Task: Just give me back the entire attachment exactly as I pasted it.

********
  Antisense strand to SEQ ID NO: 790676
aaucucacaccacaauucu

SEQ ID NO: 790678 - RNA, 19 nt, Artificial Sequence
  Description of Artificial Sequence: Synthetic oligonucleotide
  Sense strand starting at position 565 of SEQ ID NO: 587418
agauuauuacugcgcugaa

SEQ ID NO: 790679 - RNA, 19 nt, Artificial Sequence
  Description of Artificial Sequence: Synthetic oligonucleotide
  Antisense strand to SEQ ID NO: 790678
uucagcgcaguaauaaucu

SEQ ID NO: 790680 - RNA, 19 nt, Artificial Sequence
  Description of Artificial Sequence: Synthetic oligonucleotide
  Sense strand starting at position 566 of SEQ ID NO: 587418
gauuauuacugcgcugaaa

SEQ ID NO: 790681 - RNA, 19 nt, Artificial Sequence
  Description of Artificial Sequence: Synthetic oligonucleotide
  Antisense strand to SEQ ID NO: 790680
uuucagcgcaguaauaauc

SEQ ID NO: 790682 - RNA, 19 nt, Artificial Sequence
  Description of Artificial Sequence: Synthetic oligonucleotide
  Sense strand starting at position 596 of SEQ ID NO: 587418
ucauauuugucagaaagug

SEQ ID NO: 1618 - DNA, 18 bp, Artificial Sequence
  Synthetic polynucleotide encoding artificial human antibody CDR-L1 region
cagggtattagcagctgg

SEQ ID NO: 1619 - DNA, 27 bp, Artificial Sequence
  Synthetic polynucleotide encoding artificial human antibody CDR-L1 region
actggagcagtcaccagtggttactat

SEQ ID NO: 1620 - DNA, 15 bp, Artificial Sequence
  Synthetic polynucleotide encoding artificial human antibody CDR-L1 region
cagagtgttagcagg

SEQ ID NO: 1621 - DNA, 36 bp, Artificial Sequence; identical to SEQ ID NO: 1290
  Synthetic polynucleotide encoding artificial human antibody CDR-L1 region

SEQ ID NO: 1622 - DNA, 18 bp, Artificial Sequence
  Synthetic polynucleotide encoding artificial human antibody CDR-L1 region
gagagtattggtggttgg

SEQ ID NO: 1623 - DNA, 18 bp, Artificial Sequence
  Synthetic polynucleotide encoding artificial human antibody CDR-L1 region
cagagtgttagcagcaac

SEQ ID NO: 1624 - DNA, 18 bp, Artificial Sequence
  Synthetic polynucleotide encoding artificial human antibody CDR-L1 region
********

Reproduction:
  Antisense strand to SEQ ID NO: 790676
aaucucacaccacaauucu

SEQ ID NO: 790678 - RNA, 19 nt, Artificial Sequence
  Description of Artificial Sequence: Synthetic oligonucleotide
  Sense strand starting at position 565 of SEQ ID NO: 587418
agauuauuacugcgcugaa

SEQ ID NO: 790679 - RNA, 19 nt, Artificial Sequence
  Description of Artificial Sequence: Synthetic oligonucleotide
  Antisense strand to SEQ ID NO: 790678
uucagcgcaguaauaaucu

SEQ ID NO: 790680 - RNA, 19 nt, Artificial Sequence
  Description of Artificial Sequence: Synthetic oligonucleotide
  Sense strand starting at position 566 of SEQ ID NO: 587418
gauuauuacugcgcugaaa

SEQ ID NO: 790681 - RNA, 19 nt, Artificial Sequence
  Description of Artificial Sequence: Synthetic oligonucleotide
  Antisense strand to SEQ ID NO: 790680
uuucagcgcaguaauaauc

SEQ ID NO: 790682 - RNA, 19 nt, Artificial Sequence
  Description of Artificial Sequence: Synthetic oligonucleotide
  Sense strand starting at position 596 of SEQ ID NO: 587418
ucauauuugucagaaagug

SEQ ID NO: 1618 - DNA, 18 bp, Artificial Sequence
  Synthetic polynucleotide encoding artificial human antibody CDR-L1 region
cagggtattagcagctgg

SEQ ID NO: 1619 - DNA, 27 bp, Artificial Sequence
  Synthetic polynucleotide encoding artificial human antibody CDR-L1 region
actggagcagtcaccagtggttactat

SEQ ID NO: 1620 - DNA, 15 bp, Artificial Sequence
  Synthetic polynucleotide encoding artificial human antibody CDR-L1 region
cagagtgttagcagg

SEQ ID NO: 1621 - DNA, 36 bp, Artificial Sequence; identical to SEQ ID NO: 1290
  Synthetic polynucleotide encoding artificial human antibody CDR-L1 region

SEQ ID NO: 1622 - DNA, 18 bp, Artificial Sequence
  Synthetic polynucleotide encoding artificial human antibody CDR-L1 region
gagagtattggtggttgg

SEQ ID NO: 1623 - DNA, 18 bp, Artificial Sequence
  Synthetic polynucleotide encoding artificial human antibody CDR-L1 region
cagagtgttagcagcaac

SEQ ID NO: 1624 - DNA, 18 bp, Artificial Sequence
  Synthetic polynucleotide encoding artificial human antibody CDR-L1 region